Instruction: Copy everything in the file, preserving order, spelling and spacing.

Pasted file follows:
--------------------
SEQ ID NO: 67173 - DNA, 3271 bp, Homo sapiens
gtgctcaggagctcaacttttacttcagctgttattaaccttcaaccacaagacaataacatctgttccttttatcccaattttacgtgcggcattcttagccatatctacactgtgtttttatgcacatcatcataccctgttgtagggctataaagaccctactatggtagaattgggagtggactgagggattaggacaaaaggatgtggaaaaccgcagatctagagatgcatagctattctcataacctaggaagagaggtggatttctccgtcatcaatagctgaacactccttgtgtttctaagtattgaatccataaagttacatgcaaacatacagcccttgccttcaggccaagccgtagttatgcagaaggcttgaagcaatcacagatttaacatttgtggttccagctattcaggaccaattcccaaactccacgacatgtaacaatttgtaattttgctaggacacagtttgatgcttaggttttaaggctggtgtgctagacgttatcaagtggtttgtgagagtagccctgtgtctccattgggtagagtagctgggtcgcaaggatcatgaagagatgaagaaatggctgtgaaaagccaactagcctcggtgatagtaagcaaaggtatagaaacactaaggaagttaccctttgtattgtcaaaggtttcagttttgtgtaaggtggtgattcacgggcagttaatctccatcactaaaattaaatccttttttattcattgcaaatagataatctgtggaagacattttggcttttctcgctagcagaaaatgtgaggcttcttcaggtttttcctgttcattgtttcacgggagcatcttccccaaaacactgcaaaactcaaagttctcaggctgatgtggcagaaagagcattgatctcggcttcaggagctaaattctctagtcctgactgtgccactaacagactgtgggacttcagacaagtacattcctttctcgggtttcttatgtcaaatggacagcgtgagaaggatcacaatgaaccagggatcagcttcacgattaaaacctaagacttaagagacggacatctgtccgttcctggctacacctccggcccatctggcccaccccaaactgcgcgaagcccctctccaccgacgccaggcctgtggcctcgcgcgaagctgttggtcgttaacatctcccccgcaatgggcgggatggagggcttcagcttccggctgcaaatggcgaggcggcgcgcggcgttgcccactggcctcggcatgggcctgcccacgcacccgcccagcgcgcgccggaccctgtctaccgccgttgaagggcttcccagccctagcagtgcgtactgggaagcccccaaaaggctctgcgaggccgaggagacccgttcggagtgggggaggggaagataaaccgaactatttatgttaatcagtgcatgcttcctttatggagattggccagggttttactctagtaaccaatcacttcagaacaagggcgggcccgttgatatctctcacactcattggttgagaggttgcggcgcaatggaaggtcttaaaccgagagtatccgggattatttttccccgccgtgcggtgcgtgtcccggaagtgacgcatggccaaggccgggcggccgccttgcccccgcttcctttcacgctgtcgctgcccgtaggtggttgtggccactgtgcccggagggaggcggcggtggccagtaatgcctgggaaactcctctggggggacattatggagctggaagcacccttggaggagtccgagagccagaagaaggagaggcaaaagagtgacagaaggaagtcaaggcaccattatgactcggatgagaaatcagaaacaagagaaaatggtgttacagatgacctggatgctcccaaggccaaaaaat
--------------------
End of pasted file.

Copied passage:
SEQ ID NO: 67173 - DNA, 3271 bp, Homo sapiens
gtgctcaggagctcaacttttacttcagctgttattaaccttcaaccacaagacaataacatctgttccttttatcccaattttacgtgcggcattcttagccatatctacactgtgtttttatgcacatcatcataccctgttgtagggctataaagaccctactatggtagaattgggagtggactgagggattaggacaaaaggatgtggaaaaccgcagatctagagatgcatagctattctcataacctaggaagagaggtggatttctccgtcatcaatagctgaacactccttgtgtttctaagtattgaatccataaagttacatgcaaacatacagcccttgccttcaggccaagccgtagttatgcagaaggcttgaagcaatcacagatttaacatttgtggttccagctattcaggaccaattcccaaactccacgacatgtaacaatttgtaattttgctaggacacagtttgatgcttaggttttaaggctggtgtgctagacgttatcaagtggtttgtgagagtagccctgtgtctccattgggtagagtagctgggtcgcaaggatcatgaagagatgaagaaatggctgtgaaaagccaactagcctcggtgatagtaagcaaaggtatagaaacactaaggaagttaccctttgtattgtcaaaggtttcagttttgtgtaaggtggtgattcacgggcagttaatctccatcactaaaattaaatccttttttattcattgcaaatagataatctgtggaagacattttggcttttctcgctagcagaaaatgtgaggcttcttcaggtttttcctgttcattgtttcacgggagcatcttccccaaaacactgcaaaactcaaagttctcaggctgatgtggcagaaagagcattgatctcggcttcaggagctaaattctctagtcctgactgtgccactaacagactgtgggacttcagacaagtacattcctttctcgggtttcttatgtcaaatggacagcgtgagaaggatcacaatgaaccagggatcagcttcacgattaaaacctaagacttaagagacggacatctgtccgttcctggctacacctccggcccatctggcccaccccaaactgcgcgaagcccctctccaccgacgccaggcctgtggcctcgcgcgaagctgttggtcgttaacatctcccccgcaatgggcgggatggagggcttcagcttccggctgcaaatggcgaggcggcgcgcggcgttgcccactggcctcggcatgggcctgcccacgcacccgcccagcgcgcgccggaccctgtctaccgccgttgaagggcttcccagccctagcagtgcgtactgggaagcccccaaaaggctctgcgaggccgaggagacccgttcggagtgggggaggggaagataaaccgaactatttatgttaatcagtgcatgcttcctttatggagattggccagggttttactctagtaaccaatcacttcagaacaagggcgggcccgttgatatctctcacactcattggttgagaggttgcggcgcaatggaaggtcttaaaccgagagtatccgggattatttttccccgccgtgcggtgcgtgtcccggaagtgacgcatggccaaggccgggcggccgccttgcccccgcttcctttcacgctgtcgctgcccgtaggtggttgtggccactgtgcccggagggaggcggcggtggccagtaatgcctgggaaactcctctggggggacattatggagctggaagcacccttggaggagtccgagagccagaagaaggagaggcaaaagagtgacagaaggaagtcaaggcaccattatgactcggatgagaaatcagaaacaagagaaaatggtgttacagatgacctggatgctcccaaggccaaaaaat